Dear Dr. Walt,
Doesn’t vitamin C help prevent cataracts?
—Supplement Supporter in Connecticut
Dear Ascorbic Acid Advocate,
Studies have shown that Vitamin C from foods does help.
One study found that those with the highest intakes were 19% less likely to have nuclear cataracts and were 33% less likely to experience progression of cataracts over the next 10 years.
As far as Vitamin C supplements, most but not all studies suggest that vitamin C from supplements also helps prevent cataracts, but only if taken long-term (10 years or more).
Studies shorter than 10 years have shown no benefit.
Other researchers have discovered that the daily intake of vitamin C needed to saturate the eye is about 150 mg to 250 mg per day.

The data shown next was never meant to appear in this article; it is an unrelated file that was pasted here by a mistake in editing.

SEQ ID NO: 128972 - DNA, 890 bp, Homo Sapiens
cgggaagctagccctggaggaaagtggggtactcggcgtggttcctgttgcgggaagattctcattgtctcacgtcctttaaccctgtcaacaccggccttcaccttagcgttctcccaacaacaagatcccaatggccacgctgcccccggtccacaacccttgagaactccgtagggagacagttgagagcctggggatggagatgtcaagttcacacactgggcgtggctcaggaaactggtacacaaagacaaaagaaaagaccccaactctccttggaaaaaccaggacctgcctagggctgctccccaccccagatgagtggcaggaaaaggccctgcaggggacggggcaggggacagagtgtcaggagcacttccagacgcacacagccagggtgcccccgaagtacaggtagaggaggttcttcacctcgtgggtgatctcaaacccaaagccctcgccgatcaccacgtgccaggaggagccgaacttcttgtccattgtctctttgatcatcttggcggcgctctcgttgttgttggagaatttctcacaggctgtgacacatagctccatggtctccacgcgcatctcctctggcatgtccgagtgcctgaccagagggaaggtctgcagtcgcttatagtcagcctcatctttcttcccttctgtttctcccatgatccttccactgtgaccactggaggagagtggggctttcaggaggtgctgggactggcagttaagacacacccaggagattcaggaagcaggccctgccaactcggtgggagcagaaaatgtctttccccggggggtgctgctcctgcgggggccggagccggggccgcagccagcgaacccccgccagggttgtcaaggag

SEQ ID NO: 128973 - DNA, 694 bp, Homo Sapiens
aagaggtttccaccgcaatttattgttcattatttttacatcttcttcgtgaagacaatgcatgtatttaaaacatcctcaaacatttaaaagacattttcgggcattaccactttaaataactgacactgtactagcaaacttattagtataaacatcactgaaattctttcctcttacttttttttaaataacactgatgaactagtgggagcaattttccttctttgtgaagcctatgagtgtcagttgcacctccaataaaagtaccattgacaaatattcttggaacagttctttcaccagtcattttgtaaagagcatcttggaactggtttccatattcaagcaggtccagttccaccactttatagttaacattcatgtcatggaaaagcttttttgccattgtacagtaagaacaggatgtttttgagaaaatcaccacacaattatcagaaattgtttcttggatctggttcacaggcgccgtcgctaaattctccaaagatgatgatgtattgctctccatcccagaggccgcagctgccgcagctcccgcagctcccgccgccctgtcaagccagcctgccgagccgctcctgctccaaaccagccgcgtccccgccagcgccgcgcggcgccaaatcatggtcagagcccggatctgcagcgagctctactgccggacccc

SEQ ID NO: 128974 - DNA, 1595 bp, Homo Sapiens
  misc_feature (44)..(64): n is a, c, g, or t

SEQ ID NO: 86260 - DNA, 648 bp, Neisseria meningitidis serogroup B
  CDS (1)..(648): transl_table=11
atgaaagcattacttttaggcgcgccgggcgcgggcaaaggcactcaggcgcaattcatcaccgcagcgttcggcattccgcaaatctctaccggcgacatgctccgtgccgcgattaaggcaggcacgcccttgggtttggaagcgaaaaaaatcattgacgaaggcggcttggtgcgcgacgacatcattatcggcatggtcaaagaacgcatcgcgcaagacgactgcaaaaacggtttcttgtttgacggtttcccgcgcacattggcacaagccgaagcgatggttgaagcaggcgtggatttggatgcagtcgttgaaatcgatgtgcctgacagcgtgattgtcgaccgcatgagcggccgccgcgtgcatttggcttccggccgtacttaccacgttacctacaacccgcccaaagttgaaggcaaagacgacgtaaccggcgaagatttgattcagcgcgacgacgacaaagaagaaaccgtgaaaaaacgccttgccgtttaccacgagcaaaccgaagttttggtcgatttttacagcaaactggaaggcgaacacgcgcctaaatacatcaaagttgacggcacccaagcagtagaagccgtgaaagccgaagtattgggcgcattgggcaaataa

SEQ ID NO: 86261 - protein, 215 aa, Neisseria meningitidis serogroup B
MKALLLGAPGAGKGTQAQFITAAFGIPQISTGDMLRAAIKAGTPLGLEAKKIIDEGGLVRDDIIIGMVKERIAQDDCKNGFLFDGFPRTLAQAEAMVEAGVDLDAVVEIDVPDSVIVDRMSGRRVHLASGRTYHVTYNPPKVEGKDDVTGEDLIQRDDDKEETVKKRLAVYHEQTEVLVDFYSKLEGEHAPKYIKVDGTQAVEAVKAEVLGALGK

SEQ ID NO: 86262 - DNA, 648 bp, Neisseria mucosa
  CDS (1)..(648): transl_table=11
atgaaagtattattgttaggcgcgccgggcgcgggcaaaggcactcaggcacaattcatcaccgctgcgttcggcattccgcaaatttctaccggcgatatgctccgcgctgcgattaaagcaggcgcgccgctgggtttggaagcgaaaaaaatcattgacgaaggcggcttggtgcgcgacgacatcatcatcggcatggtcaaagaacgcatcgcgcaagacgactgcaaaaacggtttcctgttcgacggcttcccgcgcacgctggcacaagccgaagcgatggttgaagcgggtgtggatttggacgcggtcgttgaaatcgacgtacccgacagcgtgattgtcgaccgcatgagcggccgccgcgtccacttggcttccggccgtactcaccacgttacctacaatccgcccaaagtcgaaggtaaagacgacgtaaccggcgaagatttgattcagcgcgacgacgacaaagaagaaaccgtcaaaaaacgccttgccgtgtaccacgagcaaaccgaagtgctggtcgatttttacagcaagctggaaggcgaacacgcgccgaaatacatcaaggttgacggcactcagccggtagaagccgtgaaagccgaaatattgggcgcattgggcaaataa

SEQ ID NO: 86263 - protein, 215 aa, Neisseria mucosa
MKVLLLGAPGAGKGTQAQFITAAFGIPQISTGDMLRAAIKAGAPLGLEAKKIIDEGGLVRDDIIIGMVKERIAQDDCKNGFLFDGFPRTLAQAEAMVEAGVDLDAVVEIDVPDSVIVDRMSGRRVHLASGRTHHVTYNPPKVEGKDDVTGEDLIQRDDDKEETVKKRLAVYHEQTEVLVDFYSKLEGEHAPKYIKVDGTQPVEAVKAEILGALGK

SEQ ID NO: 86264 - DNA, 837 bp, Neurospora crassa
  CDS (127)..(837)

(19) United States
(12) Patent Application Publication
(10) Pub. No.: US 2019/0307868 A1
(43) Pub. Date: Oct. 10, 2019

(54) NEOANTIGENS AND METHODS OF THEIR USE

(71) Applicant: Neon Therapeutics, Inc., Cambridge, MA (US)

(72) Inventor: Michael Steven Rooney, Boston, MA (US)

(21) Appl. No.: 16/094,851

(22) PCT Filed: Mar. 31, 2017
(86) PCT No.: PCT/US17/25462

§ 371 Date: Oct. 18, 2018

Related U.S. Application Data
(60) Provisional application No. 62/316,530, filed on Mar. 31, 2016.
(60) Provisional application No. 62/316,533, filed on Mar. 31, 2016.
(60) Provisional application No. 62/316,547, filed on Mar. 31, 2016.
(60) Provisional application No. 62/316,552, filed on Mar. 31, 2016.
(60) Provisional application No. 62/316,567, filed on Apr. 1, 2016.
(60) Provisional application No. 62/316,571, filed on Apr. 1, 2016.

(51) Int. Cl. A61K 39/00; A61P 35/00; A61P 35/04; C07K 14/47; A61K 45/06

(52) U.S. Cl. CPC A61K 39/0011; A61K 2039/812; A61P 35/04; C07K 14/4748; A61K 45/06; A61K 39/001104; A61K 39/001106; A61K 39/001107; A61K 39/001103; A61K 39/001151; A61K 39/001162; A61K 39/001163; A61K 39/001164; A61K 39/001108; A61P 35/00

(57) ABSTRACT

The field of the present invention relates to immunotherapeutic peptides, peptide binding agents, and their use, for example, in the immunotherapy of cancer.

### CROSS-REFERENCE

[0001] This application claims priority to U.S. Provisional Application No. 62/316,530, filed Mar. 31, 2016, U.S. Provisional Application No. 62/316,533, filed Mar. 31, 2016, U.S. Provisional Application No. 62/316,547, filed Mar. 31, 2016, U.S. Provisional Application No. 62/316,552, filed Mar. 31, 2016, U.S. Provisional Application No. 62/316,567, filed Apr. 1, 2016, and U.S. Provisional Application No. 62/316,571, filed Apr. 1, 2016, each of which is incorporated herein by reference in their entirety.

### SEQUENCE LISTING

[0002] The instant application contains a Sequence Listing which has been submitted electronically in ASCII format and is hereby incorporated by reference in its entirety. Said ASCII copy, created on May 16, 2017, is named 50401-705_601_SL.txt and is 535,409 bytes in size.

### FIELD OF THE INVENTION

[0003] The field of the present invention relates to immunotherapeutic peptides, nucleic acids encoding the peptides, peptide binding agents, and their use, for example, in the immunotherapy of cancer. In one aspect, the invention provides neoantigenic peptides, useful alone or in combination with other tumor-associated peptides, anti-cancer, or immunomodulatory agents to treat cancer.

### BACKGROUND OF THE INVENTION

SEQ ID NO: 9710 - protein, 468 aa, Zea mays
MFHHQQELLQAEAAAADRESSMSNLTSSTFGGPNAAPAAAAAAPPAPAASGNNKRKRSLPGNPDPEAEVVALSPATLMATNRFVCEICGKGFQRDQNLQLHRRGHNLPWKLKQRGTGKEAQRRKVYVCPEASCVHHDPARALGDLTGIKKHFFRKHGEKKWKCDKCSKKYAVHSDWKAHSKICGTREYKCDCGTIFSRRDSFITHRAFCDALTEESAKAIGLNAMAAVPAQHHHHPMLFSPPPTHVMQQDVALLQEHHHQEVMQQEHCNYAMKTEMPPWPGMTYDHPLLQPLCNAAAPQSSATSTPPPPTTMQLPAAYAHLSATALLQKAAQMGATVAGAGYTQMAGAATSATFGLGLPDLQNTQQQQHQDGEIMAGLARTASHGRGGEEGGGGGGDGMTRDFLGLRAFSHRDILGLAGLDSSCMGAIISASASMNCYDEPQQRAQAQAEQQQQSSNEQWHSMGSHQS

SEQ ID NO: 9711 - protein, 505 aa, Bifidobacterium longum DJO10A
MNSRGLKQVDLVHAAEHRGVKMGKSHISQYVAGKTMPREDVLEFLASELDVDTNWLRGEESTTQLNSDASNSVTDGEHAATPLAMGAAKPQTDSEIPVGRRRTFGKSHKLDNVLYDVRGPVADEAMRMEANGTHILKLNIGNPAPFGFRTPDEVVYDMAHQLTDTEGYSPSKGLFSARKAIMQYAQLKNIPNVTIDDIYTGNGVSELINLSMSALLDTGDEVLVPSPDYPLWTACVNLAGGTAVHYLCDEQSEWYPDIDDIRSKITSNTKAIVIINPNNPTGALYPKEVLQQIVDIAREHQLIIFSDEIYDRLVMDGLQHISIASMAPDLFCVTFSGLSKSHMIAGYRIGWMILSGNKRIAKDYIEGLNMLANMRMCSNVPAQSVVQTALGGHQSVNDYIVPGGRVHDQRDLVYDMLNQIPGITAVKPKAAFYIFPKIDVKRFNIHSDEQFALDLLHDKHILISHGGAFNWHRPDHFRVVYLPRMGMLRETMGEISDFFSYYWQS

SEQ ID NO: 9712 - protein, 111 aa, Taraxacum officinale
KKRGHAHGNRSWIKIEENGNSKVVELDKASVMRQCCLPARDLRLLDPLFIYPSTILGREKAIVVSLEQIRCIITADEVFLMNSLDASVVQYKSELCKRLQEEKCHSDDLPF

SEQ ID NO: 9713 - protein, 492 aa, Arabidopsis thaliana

And, they’ve established that not only is higher-dose vitamin C NOT helpful, the higher doses may be harmful, even increasing your risk of a cataract.
The experts at ConsumerLab.com say that the bottom line is this: Vitamin C may reduce the risk of developing cataracts if taken for more than 10 years at a moderate dose of 60 to 250 mg a day, but more than this is potentially harmful.
And, I always recommend food sources over supplements. Fruits with the highest sources of vitamin C include:
- citrus fruits and
- juices, such as
- orange and
- cranberries, and
© Copyright Walter L. Larimore, M.D. 2016. This blog provides a wide variety of general health information only and is not intended to be a substitute for professional medical advice, diagnosis, or treatment from your regular physician. If you are concerned about your health, take what you learn from this blog and meet with your personal doctor to discuss your concerns.